We did have our mystery shoppers call a sample of area contractors and obtain price quotes for adding loose-fill insulation to the attic of a specific house. (When calling, our shoppers asked for companies’ regular prices, not pricing under the MassSave program.) The price quotes shown on the table below reveal dramatic price differences, from $1,500 to $4,000.
Using these price quotes and quotes obtained from companies that participate in the rebate program, the first row of the table provides our best guess as to what a hypothetical homeowner would pay to make the improvements. As you can see, we think you’ll save by participating in the rebate program, compared to contracting with one of the least expensive installers.
Before contracting with any company, have one of its representatives come out to see your house and provide a written proposal. While there, the rep should inspect the job site and check for any issues—for example, to make sure there is no exposed wiring in any area before it is insulated. (Insulation cannot be installed over old knob-and-tube–style wiring.)
Get a contract that details the size of the area to be insulated, how much insulation will be installed, the type of insulation, and the resulting R-value (the Federal Trade Commission requires firms to do this). For blown-in loose-fill insulation, the contract should also state the depth in inches of insulation present before new insulation is added and the depth after the work is done. If the firm will be sealing cracks and other infiltration points, make sure the contract specifies the location of these areas.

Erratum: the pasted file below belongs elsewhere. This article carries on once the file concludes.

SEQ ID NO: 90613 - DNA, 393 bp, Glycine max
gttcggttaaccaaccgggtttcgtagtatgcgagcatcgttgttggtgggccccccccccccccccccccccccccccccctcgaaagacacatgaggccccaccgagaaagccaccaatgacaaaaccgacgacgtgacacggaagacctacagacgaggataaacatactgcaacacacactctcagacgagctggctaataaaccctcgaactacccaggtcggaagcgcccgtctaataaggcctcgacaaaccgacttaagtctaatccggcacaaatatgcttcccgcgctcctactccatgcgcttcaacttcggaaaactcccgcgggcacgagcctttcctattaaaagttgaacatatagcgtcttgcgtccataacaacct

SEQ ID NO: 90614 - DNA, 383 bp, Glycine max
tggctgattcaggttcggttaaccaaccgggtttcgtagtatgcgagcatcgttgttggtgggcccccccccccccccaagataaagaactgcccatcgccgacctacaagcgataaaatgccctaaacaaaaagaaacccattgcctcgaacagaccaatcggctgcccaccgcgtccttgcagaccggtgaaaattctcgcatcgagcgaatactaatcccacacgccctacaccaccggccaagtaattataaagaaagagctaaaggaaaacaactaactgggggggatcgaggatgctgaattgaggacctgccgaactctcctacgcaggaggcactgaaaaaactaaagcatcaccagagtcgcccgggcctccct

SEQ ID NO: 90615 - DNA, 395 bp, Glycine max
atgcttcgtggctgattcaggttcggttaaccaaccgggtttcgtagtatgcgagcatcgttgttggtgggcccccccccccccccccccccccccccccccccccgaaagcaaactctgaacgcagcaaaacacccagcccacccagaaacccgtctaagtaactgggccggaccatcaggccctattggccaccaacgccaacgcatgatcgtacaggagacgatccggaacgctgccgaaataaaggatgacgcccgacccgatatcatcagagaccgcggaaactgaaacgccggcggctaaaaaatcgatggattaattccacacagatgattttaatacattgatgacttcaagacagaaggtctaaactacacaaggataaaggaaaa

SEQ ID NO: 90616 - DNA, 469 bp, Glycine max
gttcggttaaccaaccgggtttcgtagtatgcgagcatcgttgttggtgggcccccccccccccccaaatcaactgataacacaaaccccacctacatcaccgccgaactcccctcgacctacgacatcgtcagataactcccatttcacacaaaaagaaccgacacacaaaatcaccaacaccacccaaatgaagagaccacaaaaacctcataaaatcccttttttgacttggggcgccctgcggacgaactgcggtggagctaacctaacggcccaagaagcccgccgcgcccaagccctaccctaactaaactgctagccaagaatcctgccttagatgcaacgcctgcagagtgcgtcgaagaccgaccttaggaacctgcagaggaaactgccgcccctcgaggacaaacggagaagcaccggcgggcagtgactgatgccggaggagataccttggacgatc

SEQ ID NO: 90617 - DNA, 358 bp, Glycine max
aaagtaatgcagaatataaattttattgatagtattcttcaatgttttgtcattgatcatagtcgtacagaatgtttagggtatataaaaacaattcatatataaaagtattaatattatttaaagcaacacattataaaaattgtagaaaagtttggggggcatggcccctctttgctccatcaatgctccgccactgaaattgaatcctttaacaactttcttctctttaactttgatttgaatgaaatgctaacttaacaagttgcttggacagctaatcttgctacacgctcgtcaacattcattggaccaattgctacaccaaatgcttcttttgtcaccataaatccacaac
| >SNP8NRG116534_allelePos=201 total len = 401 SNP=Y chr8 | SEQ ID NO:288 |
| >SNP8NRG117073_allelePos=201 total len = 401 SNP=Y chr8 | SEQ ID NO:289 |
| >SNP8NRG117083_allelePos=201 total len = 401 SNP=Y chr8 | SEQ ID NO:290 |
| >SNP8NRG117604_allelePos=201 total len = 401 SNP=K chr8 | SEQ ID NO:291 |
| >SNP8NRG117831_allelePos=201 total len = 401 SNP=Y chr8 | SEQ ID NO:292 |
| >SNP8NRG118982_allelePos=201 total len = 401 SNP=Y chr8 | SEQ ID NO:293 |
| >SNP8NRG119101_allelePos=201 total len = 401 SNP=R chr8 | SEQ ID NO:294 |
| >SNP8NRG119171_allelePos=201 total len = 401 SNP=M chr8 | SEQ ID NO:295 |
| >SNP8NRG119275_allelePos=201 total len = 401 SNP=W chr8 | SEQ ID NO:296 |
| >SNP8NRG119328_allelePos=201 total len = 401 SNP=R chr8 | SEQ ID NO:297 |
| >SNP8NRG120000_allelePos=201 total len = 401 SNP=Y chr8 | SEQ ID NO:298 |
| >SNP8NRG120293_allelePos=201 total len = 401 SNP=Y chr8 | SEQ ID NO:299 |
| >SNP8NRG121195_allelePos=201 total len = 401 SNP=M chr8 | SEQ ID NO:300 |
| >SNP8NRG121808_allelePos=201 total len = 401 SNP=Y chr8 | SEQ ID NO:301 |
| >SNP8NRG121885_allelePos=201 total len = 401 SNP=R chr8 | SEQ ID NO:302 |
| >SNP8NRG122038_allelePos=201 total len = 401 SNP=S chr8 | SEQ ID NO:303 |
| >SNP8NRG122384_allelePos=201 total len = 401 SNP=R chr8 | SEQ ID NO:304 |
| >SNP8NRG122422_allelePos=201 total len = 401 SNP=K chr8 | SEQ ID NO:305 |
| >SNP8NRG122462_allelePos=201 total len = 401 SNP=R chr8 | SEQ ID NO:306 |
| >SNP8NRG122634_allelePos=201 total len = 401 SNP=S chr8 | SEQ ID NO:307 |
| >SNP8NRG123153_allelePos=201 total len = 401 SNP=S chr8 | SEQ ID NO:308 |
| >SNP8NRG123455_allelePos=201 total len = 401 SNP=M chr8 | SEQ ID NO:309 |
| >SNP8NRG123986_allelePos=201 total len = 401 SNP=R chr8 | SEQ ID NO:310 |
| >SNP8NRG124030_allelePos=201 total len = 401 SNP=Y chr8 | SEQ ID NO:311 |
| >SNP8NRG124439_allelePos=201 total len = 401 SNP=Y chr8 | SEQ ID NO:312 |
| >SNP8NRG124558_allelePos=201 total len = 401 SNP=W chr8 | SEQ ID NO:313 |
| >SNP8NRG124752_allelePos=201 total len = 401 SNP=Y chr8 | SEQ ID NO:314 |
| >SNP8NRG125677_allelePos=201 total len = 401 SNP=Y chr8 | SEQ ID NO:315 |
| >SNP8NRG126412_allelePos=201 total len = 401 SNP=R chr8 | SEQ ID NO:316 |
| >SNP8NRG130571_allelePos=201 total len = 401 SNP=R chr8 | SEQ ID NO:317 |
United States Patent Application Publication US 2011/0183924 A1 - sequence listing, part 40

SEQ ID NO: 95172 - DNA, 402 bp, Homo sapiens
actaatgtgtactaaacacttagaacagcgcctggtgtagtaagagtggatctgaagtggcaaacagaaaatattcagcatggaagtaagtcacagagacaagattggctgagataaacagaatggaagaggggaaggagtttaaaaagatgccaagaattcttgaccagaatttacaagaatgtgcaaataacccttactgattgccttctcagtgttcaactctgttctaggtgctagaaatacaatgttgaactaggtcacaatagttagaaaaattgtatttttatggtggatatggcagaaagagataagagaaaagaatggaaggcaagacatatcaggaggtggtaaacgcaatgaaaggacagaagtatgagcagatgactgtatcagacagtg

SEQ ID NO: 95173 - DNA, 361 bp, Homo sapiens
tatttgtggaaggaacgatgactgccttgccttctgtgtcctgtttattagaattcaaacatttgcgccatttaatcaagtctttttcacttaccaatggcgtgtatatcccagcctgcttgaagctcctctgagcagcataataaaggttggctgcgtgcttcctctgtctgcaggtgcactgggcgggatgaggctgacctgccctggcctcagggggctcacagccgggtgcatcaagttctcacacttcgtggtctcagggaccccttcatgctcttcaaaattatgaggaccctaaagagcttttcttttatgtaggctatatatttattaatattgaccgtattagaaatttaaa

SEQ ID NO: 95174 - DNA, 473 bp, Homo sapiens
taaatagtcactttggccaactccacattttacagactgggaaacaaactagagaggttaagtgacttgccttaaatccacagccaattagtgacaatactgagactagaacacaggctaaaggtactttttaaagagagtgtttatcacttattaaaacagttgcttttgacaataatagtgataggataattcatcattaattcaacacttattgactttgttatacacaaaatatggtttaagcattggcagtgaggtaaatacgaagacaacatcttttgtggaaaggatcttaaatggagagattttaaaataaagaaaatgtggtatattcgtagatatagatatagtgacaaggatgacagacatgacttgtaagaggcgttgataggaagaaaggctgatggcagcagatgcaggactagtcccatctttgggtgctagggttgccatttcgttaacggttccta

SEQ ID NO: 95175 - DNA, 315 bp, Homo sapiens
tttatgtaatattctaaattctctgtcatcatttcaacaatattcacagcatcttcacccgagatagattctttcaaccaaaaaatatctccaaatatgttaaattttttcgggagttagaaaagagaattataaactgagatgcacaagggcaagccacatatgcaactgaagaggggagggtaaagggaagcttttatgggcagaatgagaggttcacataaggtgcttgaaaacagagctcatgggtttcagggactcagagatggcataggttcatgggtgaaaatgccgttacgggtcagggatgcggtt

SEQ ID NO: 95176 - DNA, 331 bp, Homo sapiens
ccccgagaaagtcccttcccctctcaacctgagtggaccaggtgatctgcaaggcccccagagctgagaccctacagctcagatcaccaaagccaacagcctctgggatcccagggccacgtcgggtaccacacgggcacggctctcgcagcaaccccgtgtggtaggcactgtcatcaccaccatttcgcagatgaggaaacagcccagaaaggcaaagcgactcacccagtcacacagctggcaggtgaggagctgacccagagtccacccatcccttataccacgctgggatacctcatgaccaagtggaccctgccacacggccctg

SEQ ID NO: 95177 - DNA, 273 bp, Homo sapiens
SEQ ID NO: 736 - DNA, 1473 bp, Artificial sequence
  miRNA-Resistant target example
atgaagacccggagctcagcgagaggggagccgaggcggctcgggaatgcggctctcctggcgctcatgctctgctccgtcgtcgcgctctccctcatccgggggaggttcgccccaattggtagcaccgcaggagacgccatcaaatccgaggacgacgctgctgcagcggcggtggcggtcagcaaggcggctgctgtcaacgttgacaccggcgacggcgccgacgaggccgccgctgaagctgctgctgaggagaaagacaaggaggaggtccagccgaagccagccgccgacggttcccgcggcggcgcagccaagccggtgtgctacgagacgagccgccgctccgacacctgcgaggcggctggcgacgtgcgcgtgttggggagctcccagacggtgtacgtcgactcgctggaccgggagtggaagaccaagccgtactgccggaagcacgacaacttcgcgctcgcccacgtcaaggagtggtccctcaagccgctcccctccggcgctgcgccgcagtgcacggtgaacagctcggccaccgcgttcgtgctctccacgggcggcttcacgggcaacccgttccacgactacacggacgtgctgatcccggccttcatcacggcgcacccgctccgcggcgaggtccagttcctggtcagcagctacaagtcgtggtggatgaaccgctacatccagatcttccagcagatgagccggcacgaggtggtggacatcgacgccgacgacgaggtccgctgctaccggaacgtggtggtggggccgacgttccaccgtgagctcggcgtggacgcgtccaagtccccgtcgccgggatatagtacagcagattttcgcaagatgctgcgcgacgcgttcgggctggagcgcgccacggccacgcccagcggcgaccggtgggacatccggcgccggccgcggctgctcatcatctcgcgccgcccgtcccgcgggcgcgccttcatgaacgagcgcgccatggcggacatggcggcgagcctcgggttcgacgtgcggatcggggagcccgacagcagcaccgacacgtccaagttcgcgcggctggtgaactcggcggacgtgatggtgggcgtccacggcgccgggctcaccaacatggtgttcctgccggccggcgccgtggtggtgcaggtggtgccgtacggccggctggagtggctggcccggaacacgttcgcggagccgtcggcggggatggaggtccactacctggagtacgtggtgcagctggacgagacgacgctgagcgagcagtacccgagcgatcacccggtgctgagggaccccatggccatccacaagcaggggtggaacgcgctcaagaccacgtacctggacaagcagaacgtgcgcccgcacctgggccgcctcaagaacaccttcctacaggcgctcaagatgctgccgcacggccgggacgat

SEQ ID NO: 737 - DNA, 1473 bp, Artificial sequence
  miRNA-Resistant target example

Other matters to cover in the contract—
- In attic spaces, the contract should promise that the company will keep attic vents free of blockage. Typically, a company will use fiberglass batts to build a dam around spaces that should not be covered by insulation. In addition, be sure the firm will insulate the attic’s access panel or pull-down stairway.